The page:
By: Sophia Speroff, MPH, RD
About one in 13 children have food allergies, so it is important to understand how to keep Halloween fun – and safe – for all trick-or-treaters.
For children with food allergies, or those who just want to incorporate to a safer trick-or-treating experience, Priority Health has five tips for a belly-friendly Halloween:
1. Color Coded Pumpkins
Most trick-or-treaters are known for carrying an orange bucket to collect candy on Halloween. With Halloween buckets in mind, a few initiatives have opted to use different colors to signify different meanings. For example, a child carrying a teal bucket can signal that they have food allergies and are limited on what candies they can eat. As part of the Teal Pumpkin Project, homeowners can also place a teal pumpkin on their doorstep to show that they will be giving out allergy-safe trinkets and treats. Similarly, purple pumpkins are often used to raise awareness for epilepsy. When a purple pumpkin is on display, it can mean that someone living at the house has epilepsy. Purple buckets can also signal that the child is epileptic. Knowing what the different colors on Halloween means is an easy way to make trick-or-treating more inclusive.
2. Healthy alternatives for Halloween treats
There are plenty of candy alternatives to pass out on Halloween, including organic raisins, fruit strips, apples, candied nuts, chips, hot chocolate mix packets, and popcorn packets. Consider passing out fun, non-food trinkets like glow sticks, stickers, bouncy balls, temporary tattoos, erasers, mini water bottles or bubbles.
For parents, avoid the temptation to fill up on just candy, parents can give their children a nutritious meal with healthy fats and protein before trick-or-treating. To continue with the festivities, give the dishes catchy, Halloween-themed names.
Have you heard of the “switch witch”? It’s a fun way to encourage kids to leave behind the unhealthy sweets in exchange for something even more exciting like money, toys, healthier foods or activities like play dough. There are many different approaches to the concept and you can make it your own based on your family’s needs.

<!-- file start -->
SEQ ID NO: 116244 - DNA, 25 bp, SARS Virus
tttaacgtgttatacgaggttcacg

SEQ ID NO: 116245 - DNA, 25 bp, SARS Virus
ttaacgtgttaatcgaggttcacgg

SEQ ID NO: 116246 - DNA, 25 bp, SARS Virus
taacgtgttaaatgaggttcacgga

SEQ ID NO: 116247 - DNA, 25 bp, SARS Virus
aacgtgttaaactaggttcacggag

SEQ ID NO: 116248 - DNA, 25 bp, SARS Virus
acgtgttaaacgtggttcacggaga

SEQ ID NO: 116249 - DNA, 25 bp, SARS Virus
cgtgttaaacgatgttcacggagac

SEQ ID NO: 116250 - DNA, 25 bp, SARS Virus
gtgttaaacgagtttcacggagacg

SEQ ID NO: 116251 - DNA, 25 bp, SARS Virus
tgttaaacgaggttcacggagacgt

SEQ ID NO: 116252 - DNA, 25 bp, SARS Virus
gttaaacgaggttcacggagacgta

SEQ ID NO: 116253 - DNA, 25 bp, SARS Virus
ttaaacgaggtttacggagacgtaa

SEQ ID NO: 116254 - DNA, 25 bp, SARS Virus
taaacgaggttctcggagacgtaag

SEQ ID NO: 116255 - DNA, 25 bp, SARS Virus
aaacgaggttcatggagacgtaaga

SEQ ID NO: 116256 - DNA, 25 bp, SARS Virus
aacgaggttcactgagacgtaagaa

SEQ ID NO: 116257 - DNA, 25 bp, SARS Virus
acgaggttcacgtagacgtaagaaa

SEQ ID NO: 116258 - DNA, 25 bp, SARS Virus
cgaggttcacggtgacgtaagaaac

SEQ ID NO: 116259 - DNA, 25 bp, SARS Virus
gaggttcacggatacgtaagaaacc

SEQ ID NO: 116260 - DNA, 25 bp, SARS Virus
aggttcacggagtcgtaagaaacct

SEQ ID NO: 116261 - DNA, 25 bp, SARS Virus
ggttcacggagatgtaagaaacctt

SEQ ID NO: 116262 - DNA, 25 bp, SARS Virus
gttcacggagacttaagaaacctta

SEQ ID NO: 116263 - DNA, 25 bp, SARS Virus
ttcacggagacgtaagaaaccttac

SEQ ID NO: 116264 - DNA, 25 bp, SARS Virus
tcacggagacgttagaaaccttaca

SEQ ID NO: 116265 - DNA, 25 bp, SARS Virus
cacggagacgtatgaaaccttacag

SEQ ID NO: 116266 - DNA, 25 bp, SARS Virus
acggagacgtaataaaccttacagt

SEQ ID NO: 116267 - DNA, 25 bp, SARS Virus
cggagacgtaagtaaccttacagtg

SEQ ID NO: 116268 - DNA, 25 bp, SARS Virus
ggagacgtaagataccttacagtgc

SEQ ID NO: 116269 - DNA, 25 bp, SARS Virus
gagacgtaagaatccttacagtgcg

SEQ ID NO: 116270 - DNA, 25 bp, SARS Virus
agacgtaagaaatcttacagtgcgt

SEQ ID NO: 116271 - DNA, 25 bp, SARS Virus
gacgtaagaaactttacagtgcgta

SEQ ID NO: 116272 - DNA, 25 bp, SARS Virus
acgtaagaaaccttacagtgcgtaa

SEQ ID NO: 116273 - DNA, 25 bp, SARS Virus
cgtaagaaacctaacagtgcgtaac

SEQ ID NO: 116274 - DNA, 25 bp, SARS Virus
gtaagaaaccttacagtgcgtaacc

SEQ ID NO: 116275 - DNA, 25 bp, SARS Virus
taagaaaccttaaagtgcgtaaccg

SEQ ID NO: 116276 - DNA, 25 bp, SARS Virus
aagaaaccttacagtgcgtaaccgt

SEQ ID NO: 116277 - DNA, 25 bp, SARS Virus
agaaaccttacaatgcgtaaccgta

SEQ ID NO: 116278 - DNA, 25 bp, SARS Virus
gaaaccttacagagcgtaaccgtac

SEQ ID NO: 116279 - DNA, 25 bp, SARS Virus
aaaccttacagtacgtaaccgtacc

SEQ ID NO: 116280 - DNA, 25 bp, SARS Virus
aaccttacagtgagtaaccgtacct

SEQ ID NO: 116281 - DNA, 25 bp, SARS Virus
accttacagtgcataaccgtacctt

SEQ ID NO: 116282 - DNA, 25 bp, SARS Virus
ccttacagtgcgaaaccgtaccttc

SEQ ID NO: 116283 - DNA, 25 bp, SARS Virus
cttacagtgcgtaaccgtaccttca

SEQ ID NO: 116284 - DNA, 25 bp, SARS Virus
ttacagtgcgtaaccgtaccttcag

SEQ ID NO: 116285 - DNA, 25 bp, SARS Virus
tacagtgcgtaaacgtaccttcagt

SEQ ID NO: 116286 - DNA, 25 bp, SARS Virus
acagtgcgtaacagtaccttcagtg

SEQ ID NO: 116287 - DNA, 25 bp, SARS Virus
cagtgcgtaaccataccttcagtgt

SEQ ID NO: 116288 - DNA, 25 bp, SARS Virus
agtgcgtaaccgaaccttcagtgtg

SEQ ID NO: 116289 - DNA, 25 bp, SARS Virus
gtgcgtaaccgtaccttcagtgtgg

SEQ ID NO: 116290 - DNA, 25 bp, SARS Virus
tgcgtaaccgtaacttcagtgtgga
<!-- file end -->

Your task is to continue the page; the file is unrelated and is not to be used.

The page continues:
3. Non-food related Halloween fun
To help avoid the disappointment of receiving foods your children can’t eat, skip trick-or-treating in the neighborhood and consider other festive activities. Halloween is not just about the candy! Carve a pumpkin, go on a scavenger hunt, play games, watch spooky movies or host a costume contest as the main event. Some restaurants give out free or discounted meals to costume wearers, check your local smoothie shop or orchard for activities.
4. Prepare with your kids for trick-or-treating
For children with allergies, it might be helpful to set a few rules before they can enjoy their treats. Make sure they ask an adult to read the label before opening a piece of candy to ensure there are no harmful ingredients. You can also get them excited to learn what they should read for, kids enjoy taking charge! Sort all of their collected candies into separate piles so they know which are safe or unsafe to eat. Carry epinephrine auto-injectors or other medication along their treat-route in case an allergic reaction occurs.
5. Stay up to date on allergy testing
Allergies change over time and new technologies have allowed parents and healthcare providers to better understand food allergies. For example, different tests can provide insights into whether a child can tolerate baked or raw forms of milk and eggs. This could mean that some children may be able to enjoy Halloween cookies versus other candies. Candy ingredients can also change, so read the label first to make sure it’s still safe for a child to eat. Research allergy information and test your child if you have questions.
Be a safe and health food ally on October 31 (and always!). By taking a few simple precautions and staying watchful of which treats children eat, Halloween can still be enjoyable for the whole family.
About the Author: Sophia Speroff, MPH, RD is a Registered Dietitian of 10 years with her master’s in public health. Sophia has a tremendous background in both community and patient care and population health management. Her background also includes diabetes and chronic disease prevention and management, clinical dietetics, and wellbeing engagement in underserved communities. She has a passion for staying active, training for triathlons and half marathons and in her free time, Sophia enjoys hiking, folk dancing, and gardening.